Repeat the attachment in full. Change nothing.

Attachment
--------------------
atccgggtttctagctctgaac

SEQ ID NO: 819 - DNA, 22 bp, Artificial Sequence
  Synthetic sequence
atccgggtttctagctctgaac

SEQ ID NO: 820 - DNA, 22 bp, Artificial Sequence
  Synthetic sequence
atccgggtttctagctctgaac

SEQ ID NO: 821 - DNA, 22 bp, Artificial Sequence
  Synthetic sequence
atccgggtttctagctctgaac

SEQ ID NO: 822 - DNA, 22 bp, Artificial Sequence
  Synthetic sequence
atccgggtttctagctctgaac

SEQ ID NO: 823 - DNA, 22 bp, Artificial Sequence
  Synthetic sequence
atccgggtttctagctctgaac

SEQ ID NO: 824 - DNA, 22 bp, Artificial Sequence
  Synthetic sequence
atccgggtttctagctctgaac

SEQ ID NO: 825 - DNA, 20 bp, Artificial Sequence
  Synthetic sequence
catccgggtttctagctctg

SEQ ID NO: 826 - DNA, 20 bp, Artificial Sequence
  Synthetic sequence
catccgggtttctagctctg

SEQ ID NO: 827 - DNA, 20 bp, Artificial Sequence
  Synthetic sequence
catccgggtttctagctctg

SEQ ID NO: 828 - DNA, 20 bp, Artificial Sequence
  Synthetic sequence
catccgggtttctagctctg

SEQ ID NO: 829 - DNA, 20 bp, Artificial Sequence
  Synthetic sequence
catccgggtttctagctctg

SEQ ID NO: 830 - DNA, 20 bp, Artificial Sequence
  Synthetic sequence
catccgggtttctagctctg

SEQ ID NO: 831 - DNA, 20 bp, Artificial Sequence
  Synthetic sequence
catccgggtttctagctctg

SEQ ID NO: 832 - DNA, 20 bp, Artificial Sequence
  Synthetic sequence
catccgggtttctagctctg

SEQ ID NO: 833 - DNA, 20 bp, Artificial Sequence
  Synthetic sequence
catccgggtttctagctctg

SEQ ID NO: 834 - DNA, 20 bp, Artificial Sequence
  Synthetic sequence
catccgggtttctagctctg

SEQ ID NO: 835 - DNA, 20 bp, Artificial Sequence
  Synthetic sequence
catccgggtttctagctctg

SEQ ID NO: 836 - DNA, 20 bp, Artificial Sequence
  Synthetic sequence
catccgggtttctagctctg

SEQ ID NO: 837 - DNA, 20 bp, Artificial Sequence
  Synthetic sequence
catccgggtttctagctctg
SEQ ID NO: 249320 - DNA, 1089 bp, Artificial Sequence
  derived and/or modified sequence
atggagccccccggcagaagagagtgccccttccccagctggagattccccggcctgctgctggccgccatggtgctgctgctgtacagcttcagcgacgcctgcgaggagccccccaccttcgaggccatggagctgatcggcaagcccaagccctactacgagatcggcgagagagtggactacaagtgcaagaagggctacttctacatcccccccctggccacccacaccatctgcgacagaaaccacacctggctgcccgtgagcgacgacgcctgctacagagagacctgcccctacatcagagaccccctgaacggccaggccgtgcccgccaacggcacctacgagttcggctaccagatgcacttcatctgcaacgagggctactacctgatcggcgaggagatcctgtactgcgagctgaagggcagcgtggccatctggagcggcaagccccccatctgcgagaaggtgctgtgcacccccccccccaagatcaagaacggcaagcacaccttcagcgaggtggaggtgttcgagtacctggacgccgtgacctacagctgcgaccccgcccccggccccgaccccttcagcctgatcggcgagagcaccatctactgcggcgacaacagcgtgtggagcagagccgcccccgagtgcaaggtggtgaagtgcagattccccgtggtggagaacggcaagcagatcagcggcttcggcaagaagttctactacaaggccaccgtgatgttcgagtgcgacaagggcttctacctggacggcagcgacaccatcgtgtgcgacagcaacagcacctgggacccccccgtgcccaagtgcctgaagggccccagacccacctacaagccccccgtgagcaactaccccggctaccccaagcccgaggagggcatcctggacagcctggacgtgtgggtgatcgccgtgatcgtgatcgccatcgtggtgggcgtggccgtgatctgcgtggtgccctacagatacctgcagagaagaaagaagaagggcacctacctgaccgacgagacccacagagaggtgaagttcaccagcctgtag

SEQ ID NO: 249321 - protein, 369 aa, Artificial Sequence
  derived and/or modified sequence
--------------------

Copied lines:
atccgggtttctagctctgaac

SEQ ID NO: 819 - DNA, 22 bp, Artificial Sequence
  Synthetic sequence
atccgggtttctagctctgaac

SEQ ID NO: 820 - DNA, 22 bp, Artificial Sequence
  Synthetic sequence
atccgggtttctagctctgaac

SEQ ID NO: 821 - DNA, 22 bp, Artificial Sequence
  Synthetic sequence
atccgggtttctagctctgaac

SEQ ID NO: 822 - DNA, 22 bp, Artificial Sequence
  Synthetic sequence
atccgggtttctagctctgaac

SEQ ID NO: 823 - DNA, 22 bp, Artificial Sequence
  Synthetic sequence
atccgggtttctagctctgaac

SEQ ID NO: 824 - DNA, 22 bp, Artificial Sequence
  Synthetic sequence
atccgggtttctagctctgaac

SEQ ID NO: 825 - DNA, 20 bp, Artificial Sequence
  Synthetic sequence
catccgggtttctagctctg

SEQ ID NO: 826 - DNA, 20 bp, Artificial Sequence
  Synthetic sequence
catccgggtttctagctctg

SEQ ID NO: 827 - DNA, 20 bp, Artificial Sequence
  Synthetic sequence
catccgggtttctagctctg

SEQ ID NO: 828 - DNA, 20 bp, Artificial Sequence
  Synthetic sequence
catccgggtttctagctctg

SEQ ID NO: 829 - DNA, 20 bp, Artificial Sequence
  Synthetic sequence
catccgggtttctagctctg

SEQ ID NO: 830 - DNA, 20 bp, Artificial Sequence
  Synthetic sequence
catccgggtttctagctctg

SEQ ID NO: 831 - DNA, 20 bp, Artificial Sequence
  Synthetic sequence
catccgggtttctagctctg

SEQ ID NO: 832 - DNA, 20 bp, Artificial Sequence
  Synthetic sequence
catccgggtttctagctctg

SEQ ID NO: 833 - DNA, 20 bp, Artificial Sequence
  Synthetic sequence
catccgggtttctagctctg

SEQ ID NO: 834 - DNA, 20 bp, Artificial Sequence
  Synthetic sequence
catccgggtttctagctctg

SEQ ID NO: 835 - DNA, 20 bp, Artificial Sequence
  Synthetic sequence
catccgggtttctagctctg

SEQ ID NO: 836 - DNA, 20 bp, Artificial Sequence
  Synthetic sequence
catccgggtttctagctctg

SEQ ID NO: 837 - DNA, 20 bp, Artificial Sequence
  Synthetic sequence
catccgggtttctagctctg
SEQ ID NO: 249320 - DNA, 1089 bp, Artificial Sequence
  derived and/or modified sequence
atggagccccccggcagaagagagtgccccttccccagctggagattccccggcctgctgctggccgccatggtgctgctgctgtacagcttcagcgacgcctgcgaggagccccccaccttcgaggccatggagctgatcggcaagcccaagccctactacgagatcggcgagagagtggactacaagtgcaagaagggctacttctacatcccccccctggccacccacaccatctgcgacagaaaccacacctggctgcccgtgagcgacgacgcctgctacagagagacctgcccctacatcagagaccccctgaacggccaggccgtgcccgccaacggcacctacgagttcggctaccagatgcacttcatctgcaacgagggctactacctgatcggcgaggagatcctgtactgcgagctgaagggcagcgtggccatctggagcggcaagccccccatctgcgagaaggtgctgtgcacccccccccccaagatcaagaacggcaagcacaccttcagcgaggtggaggtgttcgagtacctggacgccgtgacctacagctgcgaccccgcccccggccccgaccccttcagcctgatcggcgagagcaccatctactgcggcgacaacagcgtgtggagcagagccgcccccgagtgcaaggtggtgaagtgcagattccccgtggtggagaacggcaagcagatcagcggcttcggcaagaagttctactacaaggccaccgtgatgttcgagtgcgacaagggcttctacctggacggcagcgacaccatcgtgtgcgacagcaacagcacctgggacccccccgtgcccaagtgcctgaagggccccagacccacctacaagccccccgtgagcaactaccccggctaccccaagcccgaggagggcatcctggacagcctggacgtgtgggtgatcgccgtgatcgtgatcgccatcgtggtgggcgtggccgtgatctgcgtggtgccctacagatacctgcagagaagaaagaagaagggcacctacctgaccgacgagacccacagagaggtgaagttcaccagcctgtag

SEQ ID NO: 249321 - protein, 369 aa, Artificial Sequence
  derived and/or modified sequence